Exclusive INDYCAR Nation News


Paul Dalbey & Steph Wallcraft
| Apr 12, 2011


In Counterpoint, Paul Dalbey and Steph Wallcraft of More Front Wing face off on topics related to the IZOD IndyCar Series. Neither reviews the other's argument until after the article is compiled for posting. It's up to you to decide who's made the better case!

This week: did Ryan Hunter-Reay deserve the avoidable contact penalty he was given for attempting a pass on Ryan Briscoe at Barber?

Though my twitter stream is filled with my #PetPeevesOfTheDay, few things in life really yank my chain more than knee-jerk reactions. As soon as our best-laid plans show the slightest hint of trouble, we tend to swing for the fences to make only minute corrections. I always relate it back to the example I used
in a post several weeks ago on MoreFrontWing.com describing my dear and blessed wife trying to control the temperature in our car. When she is the slightest bit chilly, she turns the heater on full blast instead of making small adjustments and creeping towards a solution. When she is just a bit warm, the air condition is cranked down to a sub-arctic set point rather than inching towards where she wants the temperature to end up. Thankfully, it seems that INDYCAR is avoiding the all-American knee-jerk reaction and taking the more subtle tweak-as-necessary approach when it comes to driver behavior and double-file restarts.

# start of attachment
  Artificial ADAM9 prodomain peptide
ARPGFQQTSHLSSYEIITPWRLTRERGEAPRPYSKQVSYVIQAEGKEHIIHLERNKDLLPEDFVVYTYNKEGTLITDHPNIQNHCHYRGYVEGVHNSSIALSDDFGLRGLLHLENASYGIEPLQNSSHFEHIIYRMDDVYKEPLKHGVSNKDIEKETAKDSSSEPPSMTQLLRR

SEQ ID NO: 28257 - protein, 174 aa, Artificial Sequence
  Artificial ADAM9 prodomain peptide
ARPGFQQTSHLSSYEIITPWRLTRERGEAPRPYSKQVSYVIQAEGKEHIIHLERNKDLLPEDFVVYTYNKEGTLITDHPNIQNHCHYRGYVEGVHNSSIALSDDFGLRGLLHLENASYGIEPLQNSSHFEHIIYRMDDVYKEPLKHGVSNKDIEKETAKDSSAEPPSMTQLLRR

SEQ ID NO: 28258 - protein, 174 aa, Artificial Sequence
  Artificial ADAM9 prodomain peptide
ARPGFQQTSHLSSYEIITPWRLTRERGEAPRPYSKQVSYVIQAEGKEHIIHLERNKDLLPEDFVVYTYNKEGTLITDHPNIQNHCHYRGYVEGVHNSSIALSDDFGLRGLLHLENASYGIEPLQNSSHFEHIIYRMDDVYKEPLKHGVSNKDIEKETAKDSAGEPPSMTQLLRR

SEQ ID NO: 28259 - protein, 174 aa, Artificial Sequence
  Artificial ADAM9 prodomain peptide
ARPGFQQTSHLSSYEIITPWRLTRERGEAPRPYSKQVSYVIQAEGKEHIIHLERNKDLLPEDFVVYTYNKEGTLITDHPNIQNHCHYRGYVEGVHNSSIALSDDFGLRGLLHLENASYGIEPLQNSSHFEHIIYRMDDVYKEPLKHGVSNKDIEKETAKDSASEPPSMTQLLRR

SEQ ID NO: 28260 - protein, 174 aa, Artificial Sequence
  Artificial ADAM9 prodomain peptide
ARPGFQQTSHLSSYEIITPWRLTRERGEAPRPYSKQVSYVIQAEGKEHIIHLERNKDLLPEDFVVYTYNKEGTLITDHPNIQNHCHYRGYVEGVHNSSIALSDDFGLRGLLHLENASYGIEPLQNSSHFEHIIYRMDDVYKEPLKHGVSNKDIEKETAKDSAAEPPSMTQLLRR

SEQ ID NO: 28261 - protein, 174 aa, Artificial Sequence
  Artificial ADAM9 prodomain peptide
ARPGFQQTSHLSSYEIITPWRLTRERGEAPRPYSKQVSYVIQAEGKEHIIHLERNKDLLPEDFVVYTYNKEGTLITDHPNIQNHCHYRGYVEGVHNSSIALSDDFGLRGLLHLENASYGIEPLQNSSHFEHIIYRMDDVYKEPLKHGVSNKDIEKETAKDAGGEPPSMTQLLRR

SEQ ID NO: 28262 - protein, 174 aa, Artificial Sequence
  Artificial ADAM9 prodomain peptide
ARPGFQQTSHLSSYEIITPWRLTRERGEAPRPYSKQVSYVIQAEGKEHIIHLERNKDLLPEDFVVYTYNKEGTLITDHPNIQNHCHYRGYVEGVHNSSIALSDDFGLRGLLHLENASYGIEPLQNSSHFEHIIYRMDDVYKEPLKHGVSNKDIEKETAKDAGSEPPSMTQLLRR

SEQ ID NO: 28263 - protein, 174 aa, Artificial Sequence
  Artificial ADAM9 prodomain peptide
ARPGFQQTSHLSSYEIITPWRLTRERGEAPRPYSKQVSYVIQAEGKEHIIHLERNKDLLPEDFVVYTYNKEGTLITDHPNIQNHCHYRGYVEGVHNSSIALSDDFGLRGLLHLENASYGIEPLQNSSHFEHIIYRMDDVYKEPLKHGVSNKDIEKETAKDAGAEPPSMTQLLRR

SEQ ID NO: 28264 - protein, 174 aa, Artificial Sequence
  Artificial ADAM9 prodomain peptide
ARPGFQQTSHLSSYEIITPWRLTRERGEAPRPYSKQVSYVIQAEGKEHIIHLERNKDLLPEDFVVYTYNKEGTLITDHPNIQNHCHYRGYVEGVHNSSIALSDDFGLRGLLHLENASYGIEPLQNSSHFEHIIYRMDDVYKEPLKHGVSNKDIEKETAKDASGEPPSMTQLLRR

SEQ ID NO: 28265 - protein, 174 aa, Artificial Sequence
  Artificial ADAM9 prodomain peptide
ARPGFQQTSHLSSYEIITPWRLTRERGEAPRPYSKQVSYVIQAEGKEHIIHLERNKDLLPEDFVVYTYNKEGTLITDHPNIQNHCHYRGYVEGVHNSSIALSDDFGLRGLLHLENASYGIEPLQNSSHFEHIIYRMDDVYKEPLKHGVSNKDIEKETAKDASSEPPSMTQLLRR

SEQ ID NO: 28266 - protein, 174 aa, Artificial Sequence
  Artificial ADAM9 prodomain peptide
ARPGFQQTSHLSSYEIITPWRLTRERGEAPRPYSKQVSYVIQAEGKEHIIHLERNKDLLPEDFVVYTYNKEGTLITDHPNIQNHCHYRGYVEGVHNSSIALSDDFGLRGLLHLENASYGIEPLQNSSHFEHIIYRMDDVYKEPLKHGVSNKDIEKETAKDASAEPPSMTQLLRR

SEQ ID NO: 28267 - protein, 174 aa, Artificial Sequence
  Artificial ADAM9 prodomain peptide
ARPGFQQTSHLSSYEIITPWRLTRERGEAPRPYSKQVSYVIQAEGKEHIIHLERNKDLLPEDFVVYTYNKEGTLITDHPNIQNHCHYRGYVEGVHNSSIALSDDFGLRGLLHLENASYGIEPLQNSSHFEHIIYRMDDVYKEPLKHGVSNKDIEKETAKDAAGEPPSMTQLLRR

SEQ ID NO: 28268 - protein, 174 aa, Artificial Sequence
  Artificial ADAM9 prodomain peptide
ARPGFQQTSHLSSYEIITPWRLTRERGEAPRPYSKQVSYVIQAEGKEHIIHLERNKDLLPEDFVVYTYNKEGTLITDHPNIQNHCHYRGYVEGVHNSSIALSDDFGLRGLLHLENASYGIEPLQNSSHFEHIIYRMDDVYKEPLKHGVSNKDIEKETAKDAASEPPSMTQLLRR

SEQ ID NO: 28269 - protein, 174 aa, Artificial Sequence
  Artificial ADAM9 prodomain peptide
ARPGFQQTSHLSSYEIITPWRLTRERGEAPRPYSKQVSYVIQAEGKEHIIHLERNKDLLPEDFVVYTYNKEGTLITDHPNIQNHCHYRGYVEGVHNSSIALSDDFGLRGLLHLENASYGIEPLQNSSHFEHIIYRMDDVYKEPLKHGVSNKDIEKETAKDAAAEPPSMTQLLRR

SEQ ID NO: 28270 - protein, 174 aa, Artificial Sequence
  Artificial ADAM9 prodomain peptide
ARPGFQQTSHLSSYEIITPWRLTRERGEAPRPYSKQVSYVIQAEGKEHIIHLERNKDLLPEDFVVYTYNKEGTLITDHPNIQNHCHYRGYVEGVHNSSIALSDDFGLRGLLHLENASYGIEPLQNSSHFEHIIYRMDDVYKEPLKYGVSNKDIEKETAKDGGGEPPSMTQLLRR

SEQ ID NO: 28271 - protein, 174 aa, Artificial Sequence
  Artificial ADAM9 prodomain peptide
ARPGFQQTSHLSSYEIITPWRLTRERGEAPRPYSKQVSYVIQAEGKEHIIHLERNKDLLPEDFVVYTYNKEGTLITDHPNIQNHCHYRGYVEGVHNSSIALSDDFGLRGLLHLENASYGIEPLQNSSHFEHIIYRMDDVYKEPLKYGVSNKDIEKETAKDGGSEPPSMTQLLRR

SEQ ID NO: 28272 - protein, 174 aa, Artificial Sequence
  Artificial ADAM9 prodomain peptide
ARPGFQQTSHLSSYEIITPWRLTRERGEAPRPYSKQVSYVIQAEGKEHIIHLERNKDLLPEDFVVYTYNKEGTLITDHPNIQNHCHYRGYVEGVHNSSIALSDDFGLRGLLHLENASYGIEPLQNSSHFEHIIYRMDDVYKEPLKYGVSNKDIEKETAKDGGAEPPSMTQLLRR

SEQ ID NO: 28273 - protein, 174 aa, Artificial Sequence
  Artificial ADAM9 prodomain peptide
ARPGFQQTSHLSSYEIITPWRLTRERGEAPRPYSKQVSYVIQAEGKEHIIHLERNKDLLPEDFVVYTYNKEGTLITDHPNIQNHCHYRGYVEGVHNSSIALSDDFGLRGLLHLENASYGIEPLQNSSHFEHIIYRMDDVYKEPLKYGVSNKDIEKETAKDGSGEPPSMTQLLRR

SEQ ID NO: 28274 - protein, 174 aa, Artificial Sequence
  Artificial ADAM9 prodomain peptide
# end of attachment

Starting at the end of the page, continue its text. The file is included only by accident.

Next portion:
Standing firm in the belief that double-file restarts were the way to increase the entertainment value of the races, INDYCAR CEO Randy Bernard held his ground and decreed that double-file restarts were here to stay -- at least for now. Instead of scrapping the new restart system all together, Bernard and INDYCAR race control turned the blame game 180 degrees and put the focus back on the drivers. Though the Series was open and accommodating to tweaking the restart procedures, the point was made clear during last weekend’s Honda Grand Prix of Alabama that the onus was on the drivers to successfully figure out how to survive the restarts, not INDYCAR.

Prior to Sunday’s main event, a private, drivers-only meeting was held to discuss some of the conduct that was exhibited on-track at St. Pete. Though no media was present in the meeting, indications are that it became somewhat heated betweens rivals and that at least a few drivers were called out for their aggressive driving. Such would not be surprising as several drivers who made aggressive moves at St. Pete were labels as “idiots” and other non-complimentary terms by their fellow competitors. The buzz word between events was respect -- respect for each other, respect for the cars, respect for the speeds, and respect for the show.

As the event at Barber drew nearer, drivers grew to accept that at the end of the day, the success of the double-file restarts, and by extension their own races, lies not with the sanctioning body and the rules but between the seat and the steering wheel.